PETALING JAYA, Sept 25: Two economists have welcomed the RM10 billion worth of initiatives under the Kita Prihatin stimulus package announced on Wednesday.
Barjoyai Bardai of Universiti Tun Abdul Razak said Putrajaya had made good its pledge “to be a caring government”, adding that the subsidies would bring relief to millions of families facing difficulties as a result of the Covid-19 pandemic.
Yeah Kim Leng of Sunway University said the package would alleviate economic hardships faced by B40 and M40 households and SME businesses and could be viewed as fiscal insurance to shore up domestic demand in the final quarter of 2020.
Calling the country’s fourth such stimulus package “laudable” given the greater-than-expected severity and duration of Covid-19’s economic effects, Yeah said the Malaysian economy needed to brace for a longer period of pain.
He said the measures would be especially crucial for those in the informal sector, where relief and support were most needed and which should be targeted by the administration.
“Kita Prihatin is a tailwind to the recovery momentum commencing in the third quarter after the sharp GDP contraction of 17.1% in the second quarter,” he said.
“The Wage Subsidy 2.0 is also timely for businesses to cope with the extended RMCO with eligibility extended to those that have suffered income declines of 30% or more.”
Companies qualifying for the incentive will be given three months’ subsidy of RM600 a month for each employee, for a maximum of 200 employees.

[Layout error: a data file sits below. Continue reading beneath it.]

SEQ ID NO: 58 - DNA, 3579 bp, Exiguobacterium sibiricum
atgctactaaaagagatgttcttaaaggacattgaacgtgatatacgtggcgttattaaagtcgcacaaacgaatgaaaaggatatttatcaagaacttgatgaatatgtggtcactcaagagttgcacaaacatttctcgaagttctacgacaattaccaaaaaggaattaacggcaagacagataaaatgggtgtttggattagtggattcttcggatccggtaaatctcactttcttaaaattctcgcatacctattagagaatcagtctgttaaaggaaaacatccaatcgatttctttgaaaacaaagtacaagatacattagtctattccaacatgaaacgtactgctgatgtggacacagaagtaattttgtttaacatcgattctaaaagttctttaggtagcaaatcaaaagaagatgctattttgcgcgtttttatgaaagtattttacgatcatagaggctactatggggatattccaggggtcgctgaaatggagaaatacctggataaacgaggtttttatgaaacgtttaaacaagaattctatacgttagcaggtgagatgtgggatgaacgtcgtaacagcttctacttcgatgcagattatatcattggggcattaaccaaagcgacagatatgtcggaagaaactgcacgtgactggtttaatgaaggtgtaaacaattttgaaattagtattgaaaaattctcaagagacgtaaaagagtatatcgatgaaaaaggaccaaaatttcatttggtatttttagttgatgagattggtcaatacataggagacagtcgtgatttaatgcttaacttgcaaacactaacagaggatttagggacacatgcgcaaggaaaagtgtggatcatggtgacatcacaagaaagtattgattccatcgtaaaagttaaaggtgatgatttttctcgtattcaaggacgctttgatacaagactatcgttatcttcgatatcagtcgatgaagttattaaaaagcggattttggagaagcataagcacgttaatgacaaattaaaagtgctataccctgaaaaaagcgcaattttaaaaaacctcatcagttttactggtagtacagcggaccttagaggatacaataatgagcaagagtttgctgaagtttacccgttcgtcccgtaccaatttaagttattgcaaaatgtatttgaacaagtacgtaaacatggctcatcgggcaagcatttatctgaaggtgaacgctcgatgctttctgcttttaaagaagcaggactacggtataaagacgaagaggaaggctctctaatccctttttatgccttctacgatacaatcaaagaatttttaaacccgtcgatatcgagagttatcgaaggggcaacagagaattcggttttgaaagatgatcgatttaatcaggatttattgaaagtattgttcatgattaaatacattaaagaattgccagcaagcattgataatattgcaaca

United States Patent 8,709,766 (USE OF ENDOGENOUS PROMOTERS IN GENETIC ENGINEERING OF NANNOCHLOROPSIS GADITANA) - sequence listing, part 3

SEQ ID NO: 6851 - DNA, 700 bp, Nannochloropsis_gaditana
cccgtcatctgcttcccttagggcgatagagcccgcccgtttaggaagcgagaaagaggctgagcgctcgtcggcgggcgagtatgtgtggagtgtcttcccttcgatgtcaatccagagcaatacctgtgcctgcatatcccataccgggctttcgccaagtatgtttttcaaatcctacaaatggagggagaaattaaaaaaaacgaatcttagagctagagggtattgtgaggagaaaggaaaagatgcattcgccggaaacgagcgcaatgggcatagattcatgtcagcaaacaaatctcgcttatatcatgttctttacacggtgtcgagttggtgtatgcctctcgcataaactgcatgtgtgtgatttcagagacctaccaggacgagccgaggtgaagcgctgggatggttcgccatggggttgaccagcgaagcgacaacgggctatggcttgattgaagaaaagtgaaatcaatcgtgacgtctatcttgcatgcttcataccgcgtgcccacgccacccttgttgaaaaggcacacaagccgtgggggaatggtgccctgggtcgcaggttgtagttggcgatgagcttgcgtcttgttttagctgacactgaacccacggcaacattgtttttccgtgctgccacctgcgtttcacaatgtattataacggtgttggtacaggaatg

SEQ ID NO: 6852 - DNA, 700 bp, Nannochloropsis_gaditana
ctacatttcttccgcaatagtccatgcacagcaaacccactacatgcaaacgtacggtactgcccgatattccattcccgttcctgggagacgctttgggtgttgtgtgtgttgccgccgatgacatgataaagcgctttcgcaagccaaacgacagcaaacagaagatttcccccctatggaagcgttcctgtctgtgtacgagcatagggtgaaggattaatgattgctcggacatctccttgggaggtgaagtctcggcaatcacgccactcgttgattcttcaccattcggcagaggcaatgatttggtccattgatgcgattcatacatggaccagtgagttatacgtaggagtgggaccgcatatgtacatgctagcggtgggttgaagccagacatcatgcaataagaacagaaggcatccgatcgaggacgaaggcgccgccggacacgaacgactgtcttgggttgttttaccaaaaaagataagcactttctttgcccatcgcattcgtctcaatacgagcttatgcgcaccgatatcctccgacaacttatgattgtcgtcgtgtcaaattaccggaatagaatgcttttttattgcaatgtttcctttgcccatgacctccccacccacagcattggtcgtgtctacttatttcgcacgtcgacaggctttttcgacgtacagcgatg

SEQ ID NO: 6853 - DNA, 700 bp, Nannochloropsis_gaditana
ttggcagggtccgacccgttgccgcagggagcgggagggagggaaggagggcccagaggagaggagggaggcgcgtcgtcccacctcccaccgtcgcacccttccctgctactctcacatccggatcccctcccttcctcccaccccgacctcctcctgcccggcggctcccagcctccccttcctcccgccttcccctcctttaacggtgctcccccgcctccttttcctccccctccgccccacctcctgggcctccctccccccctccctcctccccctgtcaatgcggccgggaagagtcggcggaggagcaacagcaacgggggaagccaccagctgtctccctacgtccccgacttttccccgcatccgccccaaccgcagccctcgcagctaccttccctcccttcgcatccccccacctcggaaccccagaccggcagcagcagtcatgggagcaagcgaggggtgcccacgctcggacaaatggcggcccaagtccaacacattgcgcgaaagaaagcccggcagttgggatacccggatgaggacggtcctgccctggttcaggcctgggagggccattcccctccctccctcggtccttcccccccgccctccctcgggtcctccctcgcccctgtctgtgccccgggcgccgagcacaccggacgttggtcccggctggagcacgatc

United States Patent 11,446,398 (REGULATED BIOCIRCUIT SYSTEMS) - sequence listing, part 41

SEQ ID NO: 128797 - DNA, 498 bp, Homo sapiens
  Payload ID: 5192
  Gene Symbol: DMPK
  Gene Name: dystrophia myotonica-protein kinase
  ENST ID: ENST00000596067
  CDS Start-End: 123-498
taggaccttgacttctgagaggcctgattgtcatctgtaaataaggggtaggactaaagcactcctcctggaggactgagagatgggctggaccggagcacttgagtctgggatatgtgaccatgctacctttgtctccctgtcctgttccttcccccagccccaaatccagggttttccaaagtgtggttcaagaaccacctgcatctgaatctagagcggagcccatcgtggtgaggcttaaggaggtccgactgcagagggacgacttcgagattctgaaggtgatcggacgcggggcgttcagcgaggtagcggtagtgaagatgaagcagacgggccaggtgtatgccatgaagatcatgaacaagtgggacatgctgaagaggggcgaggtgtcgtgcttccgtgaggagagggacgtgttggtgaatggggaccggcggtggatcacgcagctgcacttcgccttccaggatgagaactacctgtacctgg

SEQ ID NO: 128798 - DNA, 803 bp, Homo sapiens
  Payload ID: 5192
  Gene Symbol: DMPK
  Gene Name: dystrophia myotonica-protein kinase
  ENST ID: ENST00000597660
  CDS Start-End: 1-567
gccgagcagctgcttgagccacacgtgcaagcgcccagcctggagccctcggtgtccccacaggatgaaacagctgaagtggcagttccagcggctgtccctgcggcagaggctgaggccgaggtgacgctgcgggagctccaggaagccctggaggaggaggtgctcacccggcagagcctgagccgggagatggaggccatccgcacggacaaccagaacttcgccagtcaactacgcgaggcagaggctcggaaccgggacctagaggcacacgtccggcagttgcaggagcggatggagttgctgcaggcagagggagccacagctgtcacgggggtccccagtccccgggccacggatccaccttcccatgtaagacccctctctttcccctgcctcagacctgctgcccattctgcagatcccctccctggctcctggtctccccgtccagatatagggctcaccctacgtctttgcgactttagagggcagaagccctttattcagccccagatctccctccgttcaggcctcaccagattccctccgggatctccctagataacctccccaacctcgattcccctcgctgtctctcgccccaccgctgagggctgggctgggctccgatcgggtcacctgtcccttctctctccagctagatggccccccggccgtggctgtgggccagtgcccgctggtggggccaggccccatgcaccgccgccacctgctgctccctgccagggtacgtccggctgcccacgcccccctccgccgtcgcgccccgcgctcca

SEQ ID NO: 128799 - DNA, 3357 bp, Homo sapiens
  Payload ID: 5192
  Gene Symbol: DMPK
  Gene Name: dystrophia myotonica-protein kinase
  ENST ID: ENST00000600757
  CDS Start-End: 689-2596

Prime Minister Muhyiddin Yassin also announced the Bantuan Prihatin Nasional 2.0 cash aid amounting to RM7 billion, comprising RM1,000 each for 3.7 million B40 households, RM500 each for 3.8 million unmarried individuals in B40, RM600 each for 1.4 million M40 households and RM300 for 1.7 million unmarried individuals in M40.
The wage subsidy is expected to benefit 1.3 million workers and involve an allocation of RM2.4 billion while 200,000 micro entrepreneurs are set to benefit from grants amounting to some RM600 million.
“The grant for micro businesses is rather small,” Barjoyai said. “But it is a good start and hopefully this will be extended later.
“The initiatives are rather small to last for the next three months, but this is the first time any government in Malaysia has ever given a grant to the low-income group in this country repeatedly.
“What I like particularly about the announcement is that the government is really practising what it pledged, that is, to be a caring government. But these are all short term measures, and we are still waiting for medium and long-term measures to try and turn around the economy.”